Things to Avoid While Taking a Self-Drive Safari in Africa

Self-propelled Safaris can be exciting because they allow you to hike on your own schedule and are usually lowest. However, there are many important things to keep in mind on a luxurious self-driving safari in Africa.

Do not drive alone after dark

As a general rule, avoid driving to a nature reserve full of wild animals if you don’t see the road or what lies ahead. Weather conditions such as fog and rain make it particularly difficult to drive in the dark due to the reduced visibility.

Choosing the right car

When renting a car, be sure to choose the right one for your trip based on what you plan to do and how far you want to travel. A 4×4 vehicle is not required unless you plan to drive on roads that are not paved.

No planned itinerary or guided help

It is absolutely important to have some kind of Plan or guided help, even if it is just a GPS. Most national parks are huge and it’s easy to get lost and spend hours driving before you find your way.

Do not push animals or feed them

Remember not to push the animals or put them in the corner and leave room for them to walk freely. Just like humans, animals do not appreciate it when they enter their space. Turn off the engine of your vehicle if you want to stop and observe. Another important etiquette of Safari is to never feed the animals and ensure that they properly trap their food.

Do not wander outside your vehicle or accelerate

Most animals see cars as part of their landscape and have become accustomed to them. However, when you see movements like someone getting out of the vehicle, you can become anxious or aggressive. In addition, it is important to adhere to the speed limit – if you drive too fast, it can be dangerous for park visitors and wildlife, as there may be traffic jams.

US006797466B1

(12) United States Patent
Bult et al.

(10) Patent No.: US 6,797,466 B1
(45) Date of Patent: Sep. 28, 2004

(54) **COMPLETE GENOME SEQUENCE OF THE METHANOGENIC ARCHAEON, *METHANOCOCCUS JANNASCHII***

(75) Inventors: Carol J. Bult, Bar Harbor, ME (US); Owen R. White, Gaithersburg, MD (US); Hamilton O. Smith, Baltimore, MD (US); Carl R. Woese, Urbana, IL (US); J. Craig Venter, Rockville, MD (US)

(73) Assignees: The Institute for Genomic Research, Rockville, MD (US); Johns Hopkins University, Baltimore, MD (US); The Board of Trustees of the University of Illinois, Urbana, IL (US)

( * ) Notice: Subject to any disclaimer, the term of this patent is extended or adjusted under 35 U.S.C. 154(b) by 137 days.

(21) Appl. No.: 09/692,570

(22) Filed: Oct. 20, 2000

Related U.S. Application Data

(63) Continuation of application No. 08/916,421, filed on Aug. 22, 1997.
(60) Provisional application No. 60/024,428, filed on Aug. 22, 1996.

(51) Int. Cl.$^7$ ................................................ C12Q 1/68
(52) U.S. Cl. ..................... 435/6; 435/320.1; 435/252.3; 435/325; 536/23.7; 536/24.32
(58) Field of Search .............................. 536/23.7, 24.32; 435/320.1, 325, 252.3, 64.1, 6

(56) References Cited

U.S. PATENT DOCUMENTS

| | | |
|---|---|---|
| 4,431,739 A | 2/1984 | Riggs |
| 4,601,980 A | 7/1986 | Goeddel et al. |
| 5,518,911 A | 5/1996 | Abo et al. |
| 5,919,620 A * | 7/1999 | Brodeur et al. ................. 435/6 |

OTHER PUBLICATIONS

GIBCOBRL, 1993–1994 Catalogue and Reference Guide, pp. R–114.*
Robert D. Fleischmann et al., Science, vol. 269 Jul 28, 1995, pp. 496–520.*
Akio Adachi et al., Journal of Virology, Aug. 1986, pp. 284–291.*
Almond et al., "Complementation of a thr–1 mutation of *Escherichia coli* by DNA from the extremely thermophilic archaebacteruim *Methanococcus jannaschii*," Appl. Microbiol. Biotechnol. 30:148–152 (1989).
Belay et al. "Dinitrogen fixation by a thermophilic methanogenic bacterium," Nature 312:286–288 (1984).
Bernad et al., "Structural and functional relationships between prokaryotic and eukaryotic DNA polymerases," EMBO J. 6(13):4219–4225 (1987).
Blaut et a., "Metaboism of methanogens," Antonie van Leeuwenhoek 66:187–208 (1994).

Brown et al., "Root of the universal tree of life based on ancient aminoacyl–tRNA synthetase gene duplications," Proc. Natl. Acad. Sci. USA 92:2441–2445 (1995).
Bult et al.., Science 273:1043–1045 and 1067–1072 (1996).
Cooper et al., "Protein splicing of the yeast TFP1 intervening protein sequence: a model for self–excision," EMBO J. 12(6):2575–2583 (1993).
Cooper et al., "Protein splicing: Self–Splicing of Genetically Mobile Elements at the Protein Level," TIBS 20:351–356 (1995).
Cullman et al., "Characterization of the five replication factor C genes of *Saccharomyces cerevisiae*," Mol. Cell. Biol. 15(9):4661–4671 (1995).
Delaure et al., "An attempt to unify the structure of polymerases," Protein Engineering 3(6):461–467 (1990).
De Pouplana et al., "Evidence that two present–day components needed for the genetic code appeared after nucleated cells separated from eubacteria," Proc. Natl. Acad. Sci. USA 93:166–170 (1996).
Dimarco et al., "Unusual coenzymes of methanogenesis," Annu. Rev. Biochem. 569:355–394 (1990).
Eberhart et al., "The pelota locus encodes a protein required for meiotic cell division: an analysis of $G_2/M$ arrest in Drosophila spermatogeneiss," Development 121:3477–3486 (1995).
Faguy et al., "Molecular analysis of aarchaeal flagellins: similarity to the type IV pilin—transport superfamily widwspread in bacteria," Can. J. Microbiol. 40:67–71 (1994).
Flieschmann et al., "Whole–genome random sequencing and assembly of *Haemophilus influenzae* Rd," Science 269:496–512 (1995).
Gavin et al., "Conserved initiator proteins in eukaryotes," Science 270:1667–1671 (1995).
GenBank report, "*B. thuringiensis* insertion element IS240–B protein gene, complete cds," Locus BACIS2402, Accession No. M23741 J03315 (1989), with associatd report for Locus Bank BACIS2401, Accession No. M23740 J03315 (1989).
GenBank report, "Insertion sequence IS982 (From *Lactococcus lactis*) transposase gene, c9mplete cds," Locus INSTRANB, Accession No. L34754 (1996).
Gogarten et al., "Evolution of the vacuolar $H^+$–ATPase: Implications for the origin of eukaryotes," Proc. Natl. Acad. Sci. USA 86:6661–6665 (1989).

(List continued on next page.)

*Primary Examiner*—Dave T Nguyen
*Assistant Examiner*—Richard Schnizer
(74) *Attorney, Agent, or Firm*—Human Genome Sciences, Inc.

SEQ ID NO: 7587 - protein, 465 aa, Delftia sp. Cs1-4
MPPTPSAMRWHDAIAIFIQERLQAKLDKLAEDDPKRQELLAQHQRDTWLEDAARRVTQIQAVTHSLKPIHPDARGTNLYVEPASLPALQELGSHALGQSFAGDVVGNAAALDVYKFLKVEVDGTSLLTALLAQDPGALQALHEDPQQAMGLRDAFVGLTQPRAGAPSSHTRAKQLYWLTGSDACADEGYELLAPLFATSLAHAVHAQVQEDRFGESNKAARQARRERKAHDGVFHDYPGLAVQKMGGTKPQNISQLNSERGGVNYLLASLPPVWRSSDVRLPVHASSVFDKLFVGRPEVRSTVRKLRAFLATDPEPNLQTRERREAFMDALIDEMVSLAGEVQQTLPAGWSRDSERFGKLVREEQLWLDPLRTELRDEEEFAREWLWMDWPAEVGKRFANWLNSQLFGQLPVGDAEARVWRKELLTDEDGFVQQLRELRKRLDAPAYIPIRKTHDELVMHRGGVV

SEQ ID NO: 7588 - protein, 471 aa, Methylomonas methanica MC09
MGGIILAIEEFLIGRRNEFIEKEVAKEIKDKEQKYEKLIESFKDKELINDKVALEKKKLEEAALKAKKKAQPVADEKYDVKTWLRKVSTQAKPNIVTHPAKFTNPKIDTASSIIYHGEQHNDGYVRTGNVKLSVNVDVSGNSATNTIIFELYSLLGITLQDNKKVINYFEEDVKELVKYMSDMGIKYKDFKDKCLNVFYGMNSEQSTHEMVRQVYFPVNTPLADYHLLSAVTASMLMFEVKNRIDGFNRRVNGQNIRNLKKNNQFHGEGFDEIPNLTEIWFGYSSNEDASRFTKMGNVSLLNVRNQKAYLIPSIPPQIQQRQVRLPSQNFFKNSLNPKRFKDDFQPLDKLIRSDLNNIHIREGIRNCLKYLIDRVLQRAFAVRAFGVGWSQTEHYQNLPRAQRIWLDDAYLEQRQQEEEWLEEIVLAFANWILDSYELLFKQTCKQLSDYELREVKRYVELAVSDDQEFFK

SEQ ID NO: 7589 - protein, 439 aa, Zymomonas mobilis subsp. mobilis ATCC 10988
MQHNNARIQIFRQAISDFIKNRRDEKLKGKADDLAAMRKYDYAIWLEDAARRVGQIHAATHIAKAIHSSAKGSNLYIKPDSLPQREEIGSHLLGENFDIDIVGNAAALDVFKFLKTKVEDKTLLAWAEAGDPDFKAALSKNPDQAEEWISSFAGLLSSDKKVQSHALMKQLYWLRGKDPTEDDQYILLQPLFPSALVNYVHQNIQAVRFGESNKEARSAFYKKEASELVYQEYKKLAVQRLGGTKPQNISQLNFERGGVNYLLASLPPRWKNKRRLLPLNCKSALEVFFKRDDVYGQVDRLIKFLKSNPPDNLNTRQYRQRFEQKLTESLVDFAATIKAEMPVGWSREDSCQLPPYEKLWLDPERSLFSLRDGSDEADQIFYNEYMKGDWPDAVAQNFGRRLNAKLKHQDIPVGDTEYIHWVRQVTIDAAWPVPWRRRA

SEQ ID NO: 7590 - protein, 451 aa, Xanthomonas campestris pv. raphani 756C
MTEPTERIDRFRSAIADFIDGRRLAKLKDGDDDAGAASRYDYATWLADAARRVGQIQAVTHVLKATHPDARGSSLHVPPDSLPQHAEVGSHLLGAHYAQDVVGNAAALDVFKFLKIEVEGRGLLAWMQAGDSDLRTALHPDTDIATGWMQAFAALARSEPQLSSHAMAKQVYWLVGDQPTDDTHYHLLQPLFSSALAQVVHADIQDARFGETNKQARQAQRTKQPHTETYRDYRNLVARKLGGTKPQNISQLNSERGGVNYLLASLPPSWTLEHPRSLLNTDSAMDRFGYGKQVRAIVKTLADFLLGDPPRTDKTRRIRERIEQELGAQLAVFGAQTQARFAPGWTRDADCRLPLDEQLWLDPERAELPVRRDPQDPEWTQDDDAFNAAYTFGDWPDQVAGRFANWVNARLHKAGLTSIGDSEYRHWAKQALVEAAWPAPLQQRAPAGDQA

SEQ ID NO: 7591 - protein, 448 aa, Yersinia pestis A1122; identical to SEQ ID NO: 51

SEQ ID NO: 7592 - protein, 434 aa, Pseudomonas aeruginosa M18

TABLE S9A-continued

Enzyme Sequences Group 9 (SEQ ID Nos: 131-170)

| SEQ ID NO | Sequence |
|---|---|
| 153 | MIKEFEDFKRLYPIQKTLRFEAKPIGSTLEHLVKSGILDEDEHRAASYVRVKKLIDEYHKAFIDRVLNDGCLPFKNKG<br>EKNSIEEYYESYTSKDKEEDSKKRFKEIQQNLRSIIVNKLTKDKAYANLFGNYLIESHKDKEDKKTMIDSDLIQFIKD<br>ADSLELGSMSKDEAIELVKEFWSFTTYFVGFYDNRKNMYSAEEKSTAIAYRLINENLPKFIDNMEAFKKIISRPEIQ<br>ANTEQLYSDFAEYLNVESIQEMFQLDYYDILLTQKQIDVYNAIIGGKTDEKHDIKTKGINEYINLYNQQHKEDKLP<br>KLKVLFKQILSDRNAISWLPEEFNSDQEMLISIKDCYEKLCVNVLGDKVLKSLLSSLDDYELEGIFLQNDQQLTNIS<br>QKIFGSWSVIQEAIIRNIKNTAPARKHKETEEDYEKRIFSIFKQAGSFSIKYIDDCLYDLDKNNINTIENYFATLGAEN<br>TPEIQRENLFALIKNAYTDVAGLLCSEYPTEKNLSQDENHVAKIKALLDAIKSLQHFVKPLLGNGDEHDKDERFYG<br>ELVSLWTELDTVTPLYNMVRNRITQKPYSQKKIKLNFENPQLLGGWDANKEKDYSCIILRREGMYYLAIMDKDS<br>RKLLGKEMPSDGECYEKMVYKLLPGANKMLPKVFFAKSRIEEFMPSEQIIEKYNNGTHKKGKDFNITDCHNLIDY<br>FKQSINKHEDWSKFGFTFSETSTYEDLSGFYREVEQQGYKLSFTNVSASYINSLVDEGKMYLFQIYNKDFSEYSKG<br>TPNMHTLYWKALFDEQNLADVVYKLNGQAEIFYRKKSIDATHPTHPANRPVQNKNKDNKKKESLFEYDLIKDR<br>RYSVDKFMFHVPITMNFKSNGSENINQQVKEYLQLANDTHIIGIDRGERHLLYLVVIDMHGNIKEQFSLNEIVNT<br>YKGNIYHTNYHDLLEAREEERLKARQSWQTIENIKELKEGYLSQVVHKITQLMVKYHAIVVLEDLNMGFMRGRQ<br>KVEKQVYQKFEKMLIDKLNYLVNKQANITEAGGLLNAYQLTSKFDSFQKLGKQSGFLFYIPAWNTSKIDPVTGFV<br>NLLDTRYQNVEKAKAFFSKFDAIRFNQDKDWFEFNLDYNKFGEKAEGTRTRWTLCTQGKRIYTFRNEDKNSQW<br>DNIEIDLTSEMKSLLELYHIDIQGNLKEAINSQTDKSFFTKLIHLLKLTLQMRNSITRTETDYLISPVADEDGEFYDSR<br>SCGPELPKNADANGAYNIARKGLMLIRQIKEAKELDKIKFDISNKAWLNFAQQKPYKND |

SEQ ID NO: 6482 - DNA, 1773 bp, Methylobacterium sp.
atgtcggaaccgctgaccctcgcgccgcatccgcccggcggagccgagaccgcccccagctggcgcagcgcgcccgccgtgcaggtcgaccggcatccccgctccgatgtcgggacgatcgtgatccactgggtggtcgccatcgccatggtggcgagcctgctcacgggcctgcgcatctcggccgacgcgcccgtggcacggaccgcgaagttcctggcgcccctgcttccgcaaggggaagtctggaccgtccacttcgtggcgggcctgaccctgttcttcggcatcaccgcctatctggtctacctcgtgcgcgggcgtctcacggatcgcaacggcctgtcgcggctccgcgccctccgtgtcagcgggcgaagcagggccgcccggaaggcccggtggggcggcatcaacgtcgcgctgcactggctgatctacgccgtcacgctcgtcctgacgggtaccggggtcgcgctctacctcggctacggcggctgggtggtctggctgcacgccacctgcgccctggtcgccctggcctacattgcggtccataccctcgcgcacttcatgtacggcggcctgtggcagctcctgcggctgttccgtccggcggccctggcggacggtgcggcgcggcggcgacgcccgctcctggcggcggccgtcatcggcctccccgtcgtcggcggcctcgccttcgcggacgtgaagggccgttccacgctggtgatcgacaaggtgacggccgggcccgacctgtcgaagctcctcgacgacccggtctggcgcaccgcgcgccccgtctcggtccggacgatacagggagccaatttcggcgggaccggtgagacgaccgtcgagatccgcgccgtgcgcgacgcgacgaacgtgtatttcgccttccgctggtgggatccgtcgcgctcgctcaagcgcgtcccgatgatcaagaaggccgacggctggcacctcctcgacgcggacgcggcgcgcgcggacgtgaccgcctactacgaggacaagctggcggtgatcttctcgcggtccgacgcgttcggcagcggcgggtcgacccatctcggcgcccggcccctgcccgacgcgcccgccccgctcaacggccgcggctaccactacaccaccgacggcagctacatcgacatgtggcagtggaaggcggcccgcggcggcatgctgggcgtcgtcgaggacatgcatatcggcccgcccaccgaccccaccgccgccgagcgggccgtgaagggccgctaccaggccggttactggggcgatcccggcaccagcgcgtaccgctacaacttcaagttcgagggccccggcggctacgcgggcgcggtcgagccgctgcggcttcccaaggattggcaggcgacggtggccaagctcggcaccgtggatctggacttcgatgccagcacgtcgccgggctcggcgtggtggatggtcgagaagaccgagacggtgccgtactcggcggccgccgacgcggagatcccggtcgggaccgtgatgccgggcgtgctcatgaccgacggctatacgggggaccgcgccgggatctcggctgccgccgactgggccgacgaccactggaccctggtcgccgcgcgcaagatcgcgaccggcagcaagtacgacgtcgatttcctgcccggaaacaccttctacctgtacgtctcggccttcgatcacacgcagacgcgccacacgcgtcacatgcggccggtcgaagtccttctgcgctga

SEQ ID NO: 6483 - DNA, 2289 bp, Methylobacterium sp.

There are many more things to keep in mind when doing a self-driving Safari. The simplest and most advantageous option is a Guided Safari, and here’s why:

The Guides are very knowledgeable about the behavior of animals, the best places to discover wildlife and what to do if the behavior of animals becomes unpredictable. You’ll be safe with a guide and can even learn about local communities and cultural traditions from you.

Your guide’s passionate stories and love of the African bush will leave you with a deeper appreciation of your surroundings.

You don’t have to worry about sailing or getting lost while doing a guided safari in a large national park.

Your GPS may not always work. In some areas of the parks there is no Signal and therefore no functional GPS system.

GPS tends to suggest the shortest path, which means you can either walk on a dirt and gravel path or miss potential sightings and beautiful scenery.

Full Safari packages usually include accommodation and meals that are not always much more expensive than a self-driving trip where you have to rent a car, buy non-perishable food, gasoline, etc.

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